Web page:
The surprising history behind the Last Supper
Most of us are familiar with Leonardo da Vinci’s The Last Supper, a Renaissance-era painting depicting Jesus’s last meal with his apostles before his betrayal by the underhanded Judas.
It’s one of the most popular and enduring works of art in modern history. But while its legacy has stood the test of time, the painting itself has suffered substantially over the years. When you consider just how many catastrophes befell The Last Supper over the past few centuries, it’s amazing that we can still see it at all.
The man behind the mural
As we know, The Last Supper was painted by none other than Leonardo da Vinci (lit. “Leonardo of Vinci”). A true Renaissance man, da Vinci was a prolific artist, sculptor, engineer, mathematician, and inventor—that is, when he wasn’t busy studying astronomy, architecture, literature, and history. He can even be credited for inventing components that led to the creation of the modern-day parachute, helicopter, and tank.
Of course, da Vinci is most famous for his artistic endeavors. Born in 1452, da Vinci achieved mastery in painting and sculpting by the young age of 26. Shortly after, he was commissioned by the Duke of Milan, Ludovico Sforza, to paint a mural for the Santa Maria delle Grazie monastery. This mural would be The Last Supper, an enduring masterpiece that would be revered and cherished for hundreds of years.
At least, that’s what you’d expect. The reality is quite a bit different, and the painting almost didn’t survive its trip through time.
A violent history
Da Vinci began work on The Last Supper around 1495 or 1498 and spent about three years completing the mural. While it was heralded in its time, da Vinci had already made his first mistake—using the wrong type of paint.
At this point in history, the “standard” for painting such murals was the fresco method: applying paint to a layer of fresh plaster, a process that lets the paint’s pigments bind with the wall and resist chipping and fading over time.
Most murals of the time were painted with this method, but da Vinci was never one to follow trends. Instead of fresco, he tried painting the mural in oil and tempera. This allowed him to achieve a type of chromatic luminosity unseen at the time, but in terms of longevity, the experiment was a catastrophic failure.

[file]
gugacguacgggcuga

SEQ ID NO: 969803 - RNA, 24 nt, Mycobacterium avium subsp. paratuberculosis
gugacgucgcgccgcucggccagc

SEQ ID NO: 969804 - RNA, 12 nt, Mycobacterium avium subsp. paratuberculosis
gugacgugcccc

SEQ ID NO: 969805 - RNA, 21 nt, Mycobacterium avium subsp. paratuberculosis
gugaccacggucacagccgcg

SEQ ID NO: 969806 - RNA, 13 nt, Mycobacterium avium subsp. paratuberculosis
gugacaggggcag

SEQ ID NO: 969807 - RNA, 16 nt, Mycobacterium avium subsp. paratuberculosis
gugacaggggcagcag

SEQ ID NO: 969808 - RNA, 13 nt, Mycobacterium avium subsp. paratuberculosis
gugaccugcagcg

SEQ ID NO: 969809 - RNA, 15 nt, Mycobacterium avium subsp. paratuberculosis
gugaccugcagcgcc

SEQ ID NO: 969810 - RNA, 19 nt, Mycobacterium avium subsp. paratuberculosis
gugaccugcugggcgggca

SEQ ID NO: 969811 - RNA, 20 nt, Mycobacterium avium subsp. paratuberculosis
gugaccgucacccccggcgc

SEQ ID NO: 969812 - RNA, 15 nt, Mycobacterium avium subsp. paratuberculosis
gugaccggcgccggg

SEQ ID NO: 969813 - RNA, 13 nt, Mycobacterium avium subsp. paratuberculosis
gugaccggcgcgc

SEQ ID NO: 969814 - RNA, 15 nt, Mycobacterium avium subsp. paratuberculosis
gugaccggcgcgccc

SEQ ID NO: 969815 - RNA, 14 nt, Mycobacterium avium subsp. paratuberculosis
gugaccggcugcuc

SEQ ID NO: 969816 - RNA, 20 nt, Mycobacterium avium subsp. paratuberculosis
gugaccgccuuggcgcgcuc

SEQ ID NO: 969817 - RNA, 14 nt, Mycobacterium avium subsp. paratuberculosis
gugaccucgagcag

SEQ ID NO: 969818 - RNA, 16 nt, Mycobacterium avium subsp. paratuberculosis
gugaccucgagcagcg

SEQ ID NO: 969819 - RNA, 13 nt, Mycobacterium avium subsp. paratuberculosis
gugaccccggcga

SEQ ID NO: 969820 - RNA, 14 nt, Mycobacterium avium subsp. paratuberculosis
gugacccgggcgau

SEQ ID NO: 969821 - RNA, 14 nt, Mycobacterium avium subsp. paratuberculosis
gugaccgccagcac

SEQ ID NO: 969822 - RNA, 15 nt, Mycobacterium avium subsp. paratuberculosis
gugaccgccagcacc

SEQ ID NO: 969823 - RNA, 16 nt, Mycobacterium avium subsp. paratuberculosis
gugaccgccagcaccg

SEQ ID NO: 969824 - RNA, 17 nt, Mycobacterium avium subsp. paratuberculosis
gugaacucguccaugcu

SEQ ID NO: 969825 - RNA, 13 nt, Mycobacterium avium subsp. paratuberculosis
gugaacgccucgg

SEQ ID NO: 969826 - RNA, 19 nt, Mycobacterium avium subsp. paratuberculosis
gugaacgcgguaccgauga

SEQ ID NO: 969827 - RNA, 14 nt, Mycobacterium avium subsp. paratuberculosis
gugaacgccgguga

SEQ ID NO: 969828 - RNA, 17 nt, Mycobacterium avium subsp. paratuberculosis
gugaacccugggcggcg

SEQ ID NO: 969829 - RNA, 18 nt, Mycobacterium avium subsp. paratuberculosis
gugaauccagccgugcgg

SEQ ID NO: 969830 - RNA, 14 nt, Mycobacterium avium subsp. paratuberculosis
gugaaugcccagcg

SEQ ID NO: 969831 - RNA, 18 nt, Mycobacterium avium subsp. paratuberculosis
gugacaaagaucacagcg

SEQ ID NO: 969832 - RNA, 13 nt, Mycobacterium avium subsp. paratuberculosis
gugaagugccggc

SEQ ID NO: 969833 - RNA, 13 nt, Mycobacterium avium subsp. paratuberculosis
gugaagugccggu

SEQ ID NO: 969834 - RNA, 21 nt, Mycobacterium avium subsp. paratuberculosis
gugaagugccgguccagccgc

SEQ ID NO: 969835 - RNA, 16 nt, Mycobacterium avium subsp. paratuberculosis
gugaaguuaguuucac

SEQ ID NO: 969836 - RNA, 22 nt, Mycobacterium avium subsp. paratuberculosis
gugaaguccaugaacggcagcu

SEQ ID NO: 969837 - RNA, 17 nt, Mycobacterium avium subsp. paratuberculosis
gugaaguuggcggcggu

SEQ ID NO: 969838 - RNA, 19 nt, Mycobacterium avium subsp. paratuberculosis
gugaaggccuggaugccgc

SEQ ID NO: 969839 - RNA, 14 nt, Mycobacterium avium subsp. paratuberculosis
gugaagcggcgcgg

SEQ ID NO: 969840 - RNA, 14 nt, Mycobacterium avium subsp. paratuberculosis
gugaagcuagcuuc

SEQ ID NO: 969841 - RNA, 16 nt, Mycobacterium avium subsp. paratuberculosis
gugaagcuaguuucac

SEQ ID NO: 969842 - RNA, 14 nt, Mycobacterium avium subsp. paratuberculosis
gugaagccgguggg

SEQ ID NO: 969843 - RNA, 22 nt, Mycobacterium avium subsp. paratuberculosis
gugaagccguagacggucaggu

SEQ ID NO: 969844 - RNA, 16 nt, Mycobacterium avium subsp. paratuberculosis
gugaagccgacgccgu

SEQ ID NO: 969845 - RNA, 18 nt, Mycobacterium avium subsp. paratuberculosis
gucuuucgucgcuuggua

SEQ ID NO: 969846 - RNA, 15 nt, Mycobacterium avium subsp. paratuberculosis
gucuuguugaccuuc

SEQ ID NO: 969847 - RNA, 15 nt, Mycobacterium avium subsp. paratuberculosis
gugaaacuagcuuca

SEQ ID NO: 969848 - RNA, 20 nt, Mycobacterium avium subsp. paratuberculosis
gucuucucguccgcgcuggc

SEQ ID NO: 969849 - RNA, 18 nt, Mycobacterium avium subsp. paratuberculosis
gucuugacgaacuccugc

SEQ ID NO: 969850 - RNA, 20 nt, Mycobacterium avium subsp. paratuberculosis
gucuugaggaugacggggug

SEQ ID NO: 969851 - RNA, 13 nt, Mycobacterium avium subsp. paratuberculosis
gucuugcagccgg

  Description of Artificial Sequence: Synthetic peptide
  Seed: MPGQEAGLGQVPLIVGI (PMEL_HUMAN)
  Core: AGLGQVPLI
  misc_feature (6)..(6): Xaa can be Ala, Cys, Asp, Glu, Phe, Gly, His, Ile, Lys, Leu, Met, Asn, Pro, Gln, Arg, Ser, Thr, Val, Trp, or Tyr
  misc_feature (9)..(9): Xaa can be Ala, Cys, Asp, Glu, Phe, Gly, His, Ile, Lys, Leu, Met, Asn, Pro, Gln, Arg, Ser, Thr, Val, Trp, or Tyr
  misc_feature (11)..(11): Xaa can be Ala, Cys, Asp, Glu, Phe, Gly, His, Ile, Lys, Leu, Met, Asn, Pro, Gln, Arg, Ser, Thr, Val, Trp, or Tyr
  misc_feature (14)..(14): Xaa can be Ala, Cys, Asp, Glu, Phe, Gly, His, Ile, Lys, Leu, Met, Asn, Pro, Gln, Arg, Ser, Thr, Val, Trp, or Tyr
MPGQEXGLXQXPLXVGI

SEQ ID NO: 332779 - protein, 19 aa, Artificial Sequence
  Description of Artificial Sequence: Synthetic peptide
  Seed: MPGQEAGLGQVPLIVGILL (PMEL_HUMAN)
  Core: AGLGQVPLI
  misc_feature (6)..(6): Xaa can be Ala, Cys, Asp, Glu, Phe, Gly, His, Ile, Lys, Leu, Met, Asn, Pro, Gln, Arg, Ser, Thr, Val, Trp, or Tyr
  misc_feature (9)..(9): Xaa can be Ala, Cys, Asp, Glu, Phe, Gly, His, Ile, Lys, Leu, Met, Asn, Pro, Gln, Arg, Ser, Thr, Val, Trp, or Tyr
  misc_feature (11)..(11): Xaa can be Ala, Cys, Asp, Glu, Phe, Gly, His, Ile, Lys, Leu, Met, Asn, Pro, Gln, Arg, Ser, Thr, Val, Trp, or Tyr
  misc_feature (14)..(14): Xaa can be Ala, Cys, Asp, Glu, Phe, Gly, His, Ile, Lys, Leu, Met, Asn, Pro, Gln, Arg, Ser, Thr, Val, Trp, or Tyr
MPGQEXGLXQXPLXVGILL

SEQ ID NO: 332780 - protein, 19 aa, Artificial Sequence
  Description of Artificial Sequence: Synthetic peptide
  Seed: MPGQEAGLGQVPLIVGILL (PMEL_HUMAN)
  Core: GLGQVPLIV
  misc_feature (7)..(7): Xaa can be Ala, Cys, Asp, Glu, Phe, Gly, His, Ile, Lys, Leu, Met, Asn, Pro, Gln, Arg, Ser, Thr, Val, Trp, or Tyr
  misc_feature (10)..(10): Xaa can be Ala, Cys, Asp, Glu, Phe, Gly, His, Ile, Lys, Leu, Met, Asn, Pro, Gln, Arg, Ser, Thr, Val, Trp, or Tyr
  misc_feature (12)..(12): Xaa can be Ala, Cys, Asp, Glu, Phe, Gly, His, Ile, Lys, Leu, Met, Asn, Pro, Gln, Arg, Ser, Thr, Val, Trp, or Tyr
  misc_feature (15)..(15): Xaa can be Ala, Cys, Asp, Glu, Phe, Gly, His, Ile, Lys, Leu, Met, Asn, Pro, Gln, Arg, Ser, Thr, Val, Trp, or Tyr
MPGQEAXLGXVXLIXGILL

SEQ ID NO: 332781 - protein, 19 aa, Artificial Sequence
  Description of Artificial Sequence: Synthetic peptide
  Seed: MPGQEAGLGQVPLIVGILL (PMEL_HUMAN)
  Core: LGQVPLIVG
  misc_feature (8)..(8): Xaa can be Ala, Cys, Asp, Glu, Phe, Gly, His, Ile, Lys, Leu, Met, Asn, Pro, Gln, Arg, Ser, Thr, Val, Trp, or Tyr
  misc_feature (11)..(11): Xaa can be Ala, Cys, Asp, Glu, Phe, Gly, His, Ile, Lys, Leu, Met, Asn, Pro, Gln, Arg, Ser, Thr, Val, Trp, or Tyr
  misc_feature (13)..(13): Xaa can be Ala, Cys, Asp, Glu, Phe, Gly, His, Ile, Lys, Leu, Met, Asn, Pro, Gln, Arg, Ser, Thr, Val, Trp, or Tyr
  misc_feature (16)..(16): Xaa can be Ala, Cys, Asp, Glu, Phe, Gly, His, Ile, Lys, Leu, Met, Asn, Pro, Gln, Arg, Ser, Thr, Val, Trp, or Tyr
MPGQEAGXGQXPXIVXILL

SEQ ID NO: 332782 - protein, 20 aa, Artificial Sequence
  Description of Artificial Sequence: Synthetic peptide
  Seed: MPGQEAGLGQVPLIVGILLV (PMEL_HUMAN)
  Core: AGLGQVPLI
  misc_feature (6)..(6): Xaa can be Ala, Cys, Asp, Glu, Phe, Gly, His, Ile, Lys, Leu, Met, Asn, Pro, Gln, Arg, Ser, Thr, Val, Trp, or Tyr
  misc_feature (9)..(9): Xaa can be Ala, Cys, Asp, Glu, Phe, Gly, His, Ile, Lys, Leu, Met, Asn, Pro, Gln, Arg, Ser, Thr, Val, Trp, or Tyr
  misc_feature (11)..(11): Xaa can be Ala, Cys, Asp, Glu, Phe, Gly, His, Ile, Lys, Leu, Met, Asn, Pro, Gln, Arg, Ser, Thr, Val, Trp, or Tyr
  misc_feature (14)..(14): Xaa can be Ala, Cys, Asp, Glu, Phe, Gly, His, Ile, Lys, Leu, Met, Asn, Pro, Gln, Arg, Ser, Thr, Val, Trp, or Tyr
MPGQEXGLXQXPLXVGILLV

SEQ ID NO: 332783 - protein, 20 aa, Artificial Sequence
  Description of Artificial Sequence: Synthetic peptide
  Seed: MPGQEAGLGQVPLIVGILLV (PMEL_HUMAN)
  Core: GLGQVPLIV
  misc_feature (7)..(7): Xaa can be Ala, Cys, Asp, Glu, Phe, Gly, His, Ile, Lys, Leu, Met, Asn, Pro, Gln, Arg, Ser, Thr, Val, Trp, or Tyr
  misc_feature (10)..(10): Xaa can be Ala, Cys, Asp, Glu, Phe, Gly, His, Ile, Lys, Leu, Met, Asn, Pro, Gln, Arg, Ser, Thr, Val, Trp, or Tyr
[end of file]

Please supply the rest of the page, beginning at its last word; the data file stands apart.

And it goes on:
The Last Supper began to flake and chip after only a couple years, an ominous sign portending many of the other problems the painting would face over its lifetime.
Forget paintings—we need doors
In the mid-17th century, someone decided that building a doorway through The Last Supper’s wall was more important than preserving the mural and famously cut into the mural’s lower section, which removed Jesus’s feet and a few other details. While the painting had already gone through several rounds of restoration at this point, it was clear that not everyone appreciated da Vinci’s work.
A home for horses
Another blow to the mural’s dignity occurred when Napoleon charged through Italy in the late 18th century.
As the story goes, the Santa Maria delle Grazie monastery was co-opted by Napoleon’s soldiers and used as a stable for their horses. While historians aren’t clear on what type of damage this might have caused, it’s another reminder that few viewed da Vinci’s work with the same reverence that we do today.
Getting moldy and restored
The Last Supper went unblemished for years, until another problem began to rear its ugly head: mold damage. While a flood in the early 19th century contributed to significant molding, the issues started far earlier.
You see, the tempera/oil method used by da Vinci provided a poor amount of adhesion between paint and plaster. Compared to fresco, it left a thin opening between the surfaces that trapped humidity and made the painting susceptible to molding. This issue, among others, would be something that art restorationists struggled to correct over the coming years.
Perhaps worst of all, the Santa Maria delle Grazie was nearly destroyed in a WWII-era Allied bombing campaign that blew apart the roof and several walls of the refectory. Fortunately, residents had anticipated this and surrounded the mural with sandbags, scaffolding, and other impediments to protect it from damage.
And it worked! In a miracle befitting Jesus himself, The Last Supper remained virtually unharmed from the bombing damage. Of course, the damage to the building left the painting exposed to the elements for several months before repairs could be made, but all things considered, it turned out better than it could have.
An enduring legacy
Despite the mural’s troubled history, it wasn’t without its champions. Various art historians performed restorations on the mural over the centuries, most recent of which occurred in a 20-year-long campaign completed in 1999.
Some weren’t happy about this and argued that there were so many changes that little remained of da Vinci’s original work, but others praised the effort and the clarity that the improvements provided. It’s not much compared to everything the mural endured over the years—but for a mural over 500 years old, it’s not a bad start.